Mark was followed by Catherine Newley, who told us about the Colchester Pageant of 1909. Cat is the Curator of post-medieval collections at the St Alban Museum, but before that used to work at Colchester as assistant curator, where she caught the pageant bug. Her presentation really brought the Colchester pageant to life for me. In particular, I was struck by her discussion of the Colchester “Pageant House”. This was a large house owned by the Round family: it is now the Holly Trees Museum. Cat told us about how the place became a real centre for social interaction in the town in the run up to the pageant. The house was even redecorated for the occasion, with new wallpaper being put up to create the right ambience for the “at home” events organised by the pageanteers, many of whom would have been sequestered in Pageant House making costumes, planning logistics, and otherwise organising the event. A telephone was even installed, at the princely cost of £8: for all that the pageant sought to celebrate the past, this was an event that made use of the latest technology. Pageants, in Colchester as elsewhere, were modern.
Cat Newley on the 1907 pageant
Cat also gave us more insights into Louis Napoleon Parker’s way of working. In Colchester, a garrison town, it really was like a military operation. Parker issued strict (printed) instructions to his cast of 3000, telling them not to be put off by the rain (some hadn’t turned up on wet days), not to wave to friends during the march past at the end, and while doing so not to shout “Hooray”, but “Hail”. But they loved him for it: after the final performance, he was drawn through the town in triumph on Boudica’s chariot.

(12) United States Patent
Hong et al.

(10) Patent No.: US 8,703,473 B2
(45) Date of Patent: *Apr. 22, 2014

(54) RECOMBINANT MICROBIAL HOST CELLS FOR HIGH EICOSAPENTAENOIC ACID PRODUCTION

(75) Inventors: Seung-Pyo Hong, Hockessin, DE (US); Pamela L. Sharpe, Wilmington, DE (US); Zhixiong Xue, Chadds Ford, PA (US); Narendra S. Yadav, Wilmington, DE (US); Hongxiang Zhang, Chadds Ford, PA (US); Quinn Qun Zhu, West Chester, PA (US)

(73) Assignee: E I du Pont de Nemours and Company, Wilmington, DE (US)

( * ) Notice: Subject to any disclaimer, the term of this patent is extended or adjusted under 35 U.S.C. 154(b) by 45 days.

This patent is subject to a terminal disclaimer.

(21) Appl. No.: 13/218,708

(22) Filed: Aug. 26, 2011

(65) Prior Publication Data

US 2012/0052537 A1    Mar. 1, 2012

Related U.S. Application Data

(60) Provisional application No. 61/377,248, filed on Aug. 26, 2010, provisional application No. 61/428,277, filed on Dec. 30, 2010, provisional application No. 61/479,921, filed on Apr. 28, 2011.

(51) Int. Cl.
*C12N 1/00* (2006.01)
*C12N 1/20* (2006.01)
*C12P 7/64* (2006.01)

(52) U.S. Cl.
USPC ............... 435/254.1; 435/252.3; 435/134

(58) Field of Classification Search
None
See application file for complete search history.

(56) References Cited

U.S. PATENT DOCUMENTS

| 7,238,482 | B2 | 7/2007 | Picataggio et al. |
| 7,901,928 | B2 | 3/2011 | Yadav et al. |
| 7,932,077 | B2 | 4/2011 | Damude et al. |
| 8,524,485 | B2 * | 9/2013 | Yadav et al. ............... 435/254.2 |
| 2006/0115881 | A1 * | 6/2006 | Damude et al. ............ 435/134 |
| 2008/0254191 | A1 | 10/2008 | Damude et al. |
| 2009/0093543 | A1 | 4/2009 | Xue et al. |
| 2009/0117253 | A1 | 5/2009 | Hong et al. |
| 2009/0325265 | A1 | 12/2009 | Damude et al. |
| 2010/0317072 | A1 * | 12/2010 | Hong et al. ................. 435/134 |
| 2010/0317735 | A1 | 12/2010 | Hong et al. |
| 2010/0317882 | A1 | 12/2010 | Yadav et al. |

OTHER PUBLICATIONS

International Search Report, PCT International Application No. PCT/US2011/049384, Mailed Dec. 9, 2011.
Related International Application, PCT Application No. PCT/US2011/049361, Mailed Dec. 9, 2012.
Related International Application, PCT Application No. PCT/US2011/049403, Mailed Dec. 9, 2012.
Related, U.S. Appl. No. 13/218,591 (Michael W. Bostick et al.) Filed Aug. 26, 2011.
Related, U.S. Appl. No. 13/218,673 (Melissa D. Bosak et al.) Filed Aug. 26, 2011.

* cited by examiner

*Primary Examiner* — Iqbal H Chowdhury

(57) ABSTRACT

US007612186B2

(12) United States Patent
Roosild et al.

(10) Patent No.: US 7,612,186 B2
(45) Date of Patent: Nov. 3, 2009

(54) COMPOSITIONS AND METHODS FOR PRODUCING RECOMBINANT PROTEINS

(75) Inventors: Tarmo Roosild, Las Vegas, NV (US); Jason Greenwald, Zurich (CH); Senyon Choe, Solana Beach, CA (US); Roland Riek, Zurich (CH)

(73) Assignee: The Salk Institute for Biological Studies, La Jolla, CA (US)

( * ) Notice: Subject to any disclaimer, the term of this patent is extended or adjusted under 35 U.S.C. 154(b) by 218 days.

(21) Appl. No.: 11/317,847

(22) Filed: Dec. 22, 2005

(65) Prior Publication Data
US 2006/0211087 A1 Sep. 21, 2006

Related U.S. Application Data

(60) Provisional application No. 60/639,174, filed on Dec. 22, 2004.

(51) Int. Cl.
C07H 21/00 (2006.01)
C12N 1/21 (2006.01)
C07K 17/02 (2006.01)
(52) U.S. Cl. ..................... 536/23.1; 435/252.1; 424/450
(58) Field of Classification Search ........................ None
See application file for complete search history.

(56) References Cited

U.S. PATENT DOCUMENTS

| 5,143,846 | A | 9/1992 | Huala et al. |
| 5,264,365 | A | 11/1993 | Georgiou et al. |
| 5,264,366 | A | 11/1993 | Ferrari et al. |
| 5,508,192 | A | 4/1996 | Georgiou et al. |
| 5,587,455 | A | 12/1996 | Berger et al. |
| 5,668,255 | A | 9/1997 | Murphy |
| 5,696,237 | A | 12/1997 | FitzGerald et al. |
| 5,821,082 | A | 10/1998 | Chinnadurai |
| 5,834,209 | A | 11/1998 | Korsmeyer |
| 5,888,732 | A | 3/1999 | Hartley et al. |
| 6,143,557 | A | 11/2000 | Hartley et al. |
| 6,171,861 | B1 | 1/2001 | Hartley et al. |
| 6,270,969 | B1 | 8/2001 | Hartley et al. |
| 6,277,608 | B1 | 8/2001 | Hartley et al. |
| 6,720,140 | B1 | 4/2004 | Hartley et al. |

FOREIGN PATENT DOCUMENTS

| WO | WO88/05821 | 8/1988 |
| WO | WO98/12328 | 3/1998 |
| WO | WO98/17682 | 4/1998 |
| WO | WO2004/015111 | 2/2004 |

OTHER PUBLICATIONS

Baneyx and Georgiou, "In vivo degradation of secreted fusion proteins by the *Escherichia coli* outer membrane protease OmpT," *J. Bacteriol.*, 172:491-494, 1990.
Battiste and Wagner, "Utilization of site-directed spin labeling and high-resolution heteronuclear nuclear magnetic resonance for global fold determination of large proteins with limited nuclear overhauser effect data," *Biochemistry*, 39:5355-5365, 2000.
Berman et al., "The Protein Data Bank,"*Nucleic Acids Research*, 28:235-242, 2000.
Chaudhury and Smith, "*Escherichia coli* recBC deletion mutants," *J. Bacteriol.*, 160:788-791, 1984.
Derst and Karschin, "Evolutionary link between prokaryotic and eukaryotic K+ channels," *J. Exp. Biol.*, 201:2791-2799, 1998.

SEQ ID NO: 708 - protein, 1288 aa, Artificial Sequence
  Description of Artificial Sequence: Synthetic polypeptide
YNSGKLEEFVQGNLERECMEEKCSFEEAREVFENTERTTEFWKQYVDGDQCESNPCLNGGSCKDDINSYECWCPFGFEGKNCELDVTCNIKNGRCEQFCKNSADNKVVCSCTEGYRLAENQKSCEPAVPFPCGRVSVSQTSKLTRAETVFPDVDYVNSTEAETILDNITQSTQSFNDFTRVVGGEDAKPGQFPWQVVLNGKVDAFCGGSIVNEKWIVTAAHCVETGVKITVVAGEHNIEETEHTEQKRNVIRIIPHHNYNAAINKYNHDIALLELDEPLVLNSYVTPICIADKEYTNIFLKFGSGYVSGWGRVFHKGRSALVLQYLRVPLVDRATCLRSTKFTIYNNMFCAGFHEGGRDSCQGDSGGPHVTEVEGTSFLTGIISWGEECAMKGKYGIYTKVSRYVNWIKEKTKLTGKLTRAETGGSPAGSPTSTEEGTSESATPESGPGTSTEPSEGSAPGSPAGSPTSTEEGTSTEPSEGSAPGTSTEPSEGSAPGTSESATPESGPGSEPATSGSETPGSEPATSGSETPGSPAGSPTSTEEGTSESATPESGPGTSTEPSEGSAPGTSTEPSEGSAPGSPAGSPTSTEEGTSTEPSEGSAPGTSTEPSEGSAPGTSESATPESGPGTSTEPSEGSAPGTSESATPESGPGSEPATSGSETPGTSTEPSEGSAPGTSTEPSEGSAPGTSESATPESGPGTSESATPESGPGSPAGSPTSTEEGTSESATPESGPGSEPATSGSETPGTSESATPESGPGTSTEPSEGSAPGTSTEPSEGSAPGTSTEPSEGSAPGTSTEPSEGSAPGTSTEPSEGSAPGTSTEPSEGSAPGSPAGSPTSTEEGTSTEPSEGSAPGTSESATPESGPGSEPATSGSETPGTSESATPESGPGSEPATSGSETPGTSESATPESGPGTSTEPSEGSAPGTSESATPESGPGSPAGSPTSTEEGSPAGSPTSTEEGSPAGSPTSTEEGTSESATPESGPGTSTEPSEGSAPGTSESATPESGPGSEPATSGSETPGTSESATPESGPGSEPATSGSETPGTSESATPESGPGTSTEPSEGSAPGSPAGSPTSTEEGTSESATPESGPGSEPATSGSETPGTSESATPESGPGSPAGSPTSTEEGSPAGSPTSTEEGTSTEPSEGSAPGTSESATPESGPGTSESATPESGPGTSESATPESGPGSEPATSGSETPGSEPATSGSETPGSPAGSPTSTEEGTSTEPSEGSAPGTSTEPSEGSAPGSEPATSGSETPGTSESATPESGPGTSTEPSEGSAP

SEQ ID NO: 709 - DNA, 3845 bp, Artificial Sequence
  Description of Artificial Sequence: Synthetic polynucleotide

The first pageant-master, Louis Napoleon Parker
In a splendid talk, Philip Sheail then told us about the Hertford Pageant of 1914, which was put on to celebrate Hertford’s Millenary. Staged over a week in June 1914, it was watched by 6000 people. In a drily witty talk, Philip made it clear that one of the problems for the Hertford pageanteers was a relative lack of historical material. While Queen Elizabeth had at least visited the place (in 1561), which allowed for an appropriately glorious finale, Hertford’s history was otherwise a little short on incident. This led to scenes including one, as Philip told us, in which “two royal prisoners sat around talking about nothing in particular”. But unintentional comedy made up for some of this. In a scene depicting the siege of Hertford Castle, specially-made trebuchets were the stars of the show. Or they were supposed to be. In the event, they proved unable to throw their projectiles very far, and so – to the accompaniment of roars of laughter – stones the size of loaves of bread plopped down on the grass in siege scene. That said, the re-enactment of the hand-to-hand fighting during the siege did savour rather more of danger. Some of the participants took it a little too seriously, and it was just as well some ambulance-men were on standby at the pageant, as a number were wounded in the melee.